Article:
MADRID (Reuters) – Holding banners reading “Help!” and “We are not the problem”, Spanish bar, restaurant and nightclub owners gathered in central Madrid on Wednesday to ask the government for tax cuts and support to survive the fallout from the coronavirus pandemic.
Nightclubs are closed in Madrid and usually bustling restaurants and bars are back to only being allowed to open at a reduced capacity to stem a rebound in COVID-19 cases in a country with a strong tradition of eating out.
“With the capacity they have assigned, taking steps backwards, this is an impossible situation,” said Pepa Munoz, owner and chef of “El Quenco de Pepa” restaurant in Madrid.
With few clients and scarce tourists, these businesses brace for an even tougher autumn and winter.
“We are hanging on thanks to terraces, but their days are numbered,” she said, dreading the cold winter days. Serving just about half her usual number of meals, she fears for the future of her 34 employees.
“Mister politicians, more help and less restrictions,” one banner read, while another said: “Six months closed. Help!”. The main hospitality business lobby has warned 85,000 businesses were in jeopardy this year..
“We are not earning any money at the business but we are still paying (taxes). We can only survive for a short time, maybe two or three months, I don’t think we could last longer,” said Jose Manuel del Moral, who works at his husband’s drinks bar “Zarpa” in Madrid.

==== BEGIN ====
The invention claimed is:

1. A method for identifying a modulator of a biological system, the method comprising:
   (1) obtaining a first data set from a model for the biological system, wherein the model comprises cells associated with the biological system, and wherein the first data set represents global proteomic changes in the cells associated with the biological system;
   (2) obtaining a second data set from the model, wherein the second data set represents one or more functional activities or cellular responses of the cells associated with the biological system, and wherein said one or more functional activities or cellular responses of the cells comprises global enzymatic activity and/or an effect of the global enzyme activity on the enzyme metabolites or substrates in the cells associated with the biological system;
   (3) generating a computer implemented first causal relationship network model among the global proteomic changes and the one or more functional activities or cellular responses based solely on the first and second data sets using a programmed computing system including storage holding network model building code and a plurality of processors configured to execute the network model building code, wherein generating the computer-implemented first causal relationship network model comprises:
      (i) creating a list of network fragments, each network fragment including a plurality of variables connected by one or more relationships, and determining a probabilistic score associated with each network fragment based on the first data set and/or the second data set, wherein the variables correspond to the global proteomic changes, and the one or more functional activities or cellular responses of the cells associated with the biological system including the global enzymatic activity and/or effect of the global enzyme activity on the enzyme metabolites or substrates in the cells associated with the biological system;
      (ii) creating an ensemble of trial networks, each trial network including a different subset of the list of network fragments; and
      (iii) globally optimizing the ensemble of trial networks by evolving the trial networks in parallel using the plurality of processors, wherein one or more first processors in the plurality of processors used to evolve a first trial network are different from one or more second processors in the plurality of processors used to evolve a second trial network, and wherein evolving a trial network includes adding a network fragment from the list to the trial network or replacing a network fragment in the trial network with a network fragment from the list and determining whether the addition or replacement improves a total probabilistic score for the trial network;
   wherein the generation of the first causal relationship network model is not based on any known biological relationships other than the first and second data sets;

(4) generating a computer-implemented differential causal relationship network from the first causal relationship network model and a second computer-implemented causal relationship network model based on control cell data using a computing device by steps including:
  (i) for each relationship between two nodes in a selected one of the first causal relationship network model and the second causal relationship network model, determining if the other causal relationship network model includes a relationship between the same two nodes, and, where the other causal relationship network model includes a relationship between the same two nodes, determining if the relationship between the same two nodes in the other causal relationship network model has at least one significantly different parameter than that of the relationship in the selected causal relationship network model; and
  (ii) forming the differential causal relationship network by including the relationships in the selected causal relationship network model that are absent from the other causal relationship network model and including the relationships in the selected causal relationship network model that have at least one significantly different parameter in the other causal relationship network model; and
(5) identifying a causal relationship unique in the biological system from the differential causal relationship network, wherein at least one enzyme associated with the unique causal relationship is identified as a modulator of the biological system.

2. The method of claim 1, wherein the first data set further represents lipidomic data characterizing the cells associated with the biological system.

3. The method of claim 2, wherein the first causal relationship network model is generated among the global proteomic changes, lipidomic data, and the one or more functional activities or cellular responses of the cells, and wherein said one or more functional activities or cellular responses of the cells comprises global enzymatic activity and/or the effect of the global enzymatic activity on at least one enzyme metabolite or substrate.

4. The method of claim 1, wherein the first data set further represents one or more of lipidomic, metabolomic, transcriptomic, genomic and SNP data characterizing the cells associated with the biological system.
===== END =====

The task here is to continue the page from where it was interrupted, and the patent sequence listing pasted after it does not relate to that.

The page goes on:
The government has rolled out plans to help businesses but has so far ruled out a cut to value added tax.
Spain, which before the pandemic had the highest density of bars in the world with one for every 175 residents, according to a study by Nielsen consultancy, has been hit especially hard by the coronavirus and on Monday became the first Western European country to pass 500,000 cases.
Its economy shrank a record 18.5% in April-June, the sharpest drop among European Union member states.
(This story corrects to fix typo in headline)
(Reporting by Silvio Castellanos and Guillermo Martinez; Writing and additional reporting by Emma Pinedo; Editing by Ingrid Melander and Alexandra Hudson)